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It seems like everyone is getting into podcasting — creators, networks, measurement companies, ad-tech companies, and now the transcription firm GMR Transcription, which announced the launch of an audio-to-text service.
GMR Transcription specializes in high-accuracy, human-powered transcriptions, and that is the model the firm is bringing to podcasting. Pricing was not disclosed in the announcement, but podcaster requirements include episode frequency (at least two per month) and a dedicated site with episode notes.
The service is intended to make audio more searchable — a worthy ambition. As of now, podcasting is mainly a branding competition. Listeners “subscribe” or “follow” programs and podcasting personalities. typical search-engine discovery doesn’t play a much role in leading consumers to content in podcasting.
But why couldn’t that be the case, at least to some extent, for some types of programs? “Posting transcripts on your website will allow you to have content for search engines like Google, Yahoo, and Bing to crawl and index,” GMS Transcriptions states in its announcement. “When your content is indexed, your site rankings will increase and you will be able to generate more traffic and grow your audience.”
That is a sensible rationale, especially for information casts and interview shows. Transcribing informal entertainment chats makes less sense, and would be much harder to accomplish. A lively and crowded show like Rooster Teeth, for example, which features four hosts talking about whatever is on their collective mind, would not translate well to text, and would probably not result in meaningful search traffic or discovery.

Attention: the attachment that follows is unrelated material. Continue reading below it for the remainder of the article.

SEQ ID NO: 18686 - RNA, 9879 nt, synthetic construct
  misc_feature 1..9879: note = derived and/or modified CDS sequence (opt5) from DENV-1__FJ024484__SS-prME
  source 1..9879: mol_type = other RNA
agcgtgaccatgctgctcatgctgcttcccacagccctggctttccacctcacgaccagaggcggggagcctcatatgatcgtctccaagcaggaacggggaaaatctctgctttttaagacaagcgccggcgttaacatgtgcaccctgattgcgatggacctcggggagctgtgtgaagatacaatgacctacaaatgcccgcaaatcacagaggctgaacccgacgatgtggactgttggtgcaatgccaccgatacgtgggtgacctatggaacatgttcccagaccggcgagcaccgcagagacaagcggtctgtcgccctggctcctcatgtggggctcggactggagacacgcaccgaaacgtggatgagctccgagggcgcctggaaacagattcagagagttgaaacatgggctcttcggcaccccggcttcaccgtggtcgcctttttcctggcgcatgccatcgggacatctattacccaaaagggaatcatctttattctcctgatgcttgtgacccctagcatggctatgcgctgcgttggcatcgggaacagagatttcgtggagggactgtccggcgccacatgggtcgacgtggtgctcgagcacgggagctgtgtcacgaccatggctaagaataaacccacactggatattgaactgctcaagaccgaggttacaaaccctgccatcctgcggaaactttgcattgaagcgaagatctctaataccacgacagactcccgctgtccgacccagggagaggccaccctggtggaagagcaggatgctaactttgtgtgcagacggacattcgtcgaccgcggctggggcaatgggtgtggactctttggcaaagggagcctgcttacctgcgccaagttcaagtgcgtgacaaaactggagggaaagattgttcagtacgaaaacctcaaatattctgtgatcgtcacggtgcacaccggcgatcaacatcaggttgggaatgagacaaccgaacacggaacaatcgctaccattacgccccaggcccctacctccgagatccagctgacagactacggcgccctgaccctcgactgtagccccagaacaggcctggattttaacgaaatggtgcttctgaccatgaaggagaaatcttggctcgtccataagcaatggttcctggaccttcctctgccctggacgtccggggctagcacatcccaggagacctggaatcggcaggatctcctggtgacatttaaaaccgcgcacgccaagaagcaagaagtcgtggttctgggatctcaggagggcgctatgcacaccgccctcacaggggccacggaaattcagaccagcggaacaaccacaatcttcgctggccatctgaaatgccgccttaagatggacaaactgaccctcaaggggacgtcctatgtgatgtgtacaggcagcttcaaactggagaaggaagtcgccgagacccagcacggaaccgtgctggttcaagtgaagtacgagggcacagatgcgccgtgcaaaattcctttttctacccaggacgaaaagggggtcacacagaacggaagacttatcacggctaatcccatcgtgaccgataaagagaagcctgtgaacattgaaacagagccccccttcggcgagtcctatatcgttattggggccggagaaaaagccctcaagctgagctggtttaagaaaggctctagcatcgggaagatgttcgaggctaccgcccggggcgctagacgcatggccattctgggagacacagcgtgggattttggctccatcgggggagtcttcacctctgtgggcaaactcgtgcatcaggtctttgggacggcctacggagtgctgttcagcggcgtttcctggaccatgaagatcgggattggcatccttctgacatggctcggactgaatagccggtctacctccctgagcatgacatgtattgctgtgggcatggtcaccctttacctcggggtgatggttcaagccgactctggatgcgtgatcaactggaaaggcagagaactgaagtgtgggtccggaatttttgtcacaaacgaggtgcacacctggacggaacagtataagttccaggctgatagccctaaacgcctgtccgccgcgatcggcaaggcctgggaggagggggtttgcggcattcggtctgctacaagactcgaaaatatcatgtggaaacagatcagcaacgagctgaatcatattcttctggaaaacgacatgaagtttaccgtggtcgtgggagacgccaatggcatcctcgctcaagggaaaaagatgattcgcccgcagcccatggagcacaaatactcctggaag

Astronomy Cast is one podcast already using GMR transcripts. the program, which delves into the science behind cosmic body movements, is an apt candidate for reading, either instead of listening (it’s quicker) or to supplement it. We searched for one of the program’s sponsors, included in the transcript, and found search results for that sponsor. So transcribing a podcast can add value to an advertiser, too.
Another GMR customer, the Smart Business Revolution podcast, features transcribed interviews. One interview transcription mentions a bankrupt company without much context around the mention. We were able to productively search for more information — we would have been able to while listening to the show, also, if we could figure out the unusual spelling. On the other side of the value chain, anyone searching for that company might find the podcast, which could be useful for the searcher and obviously good for the podcast.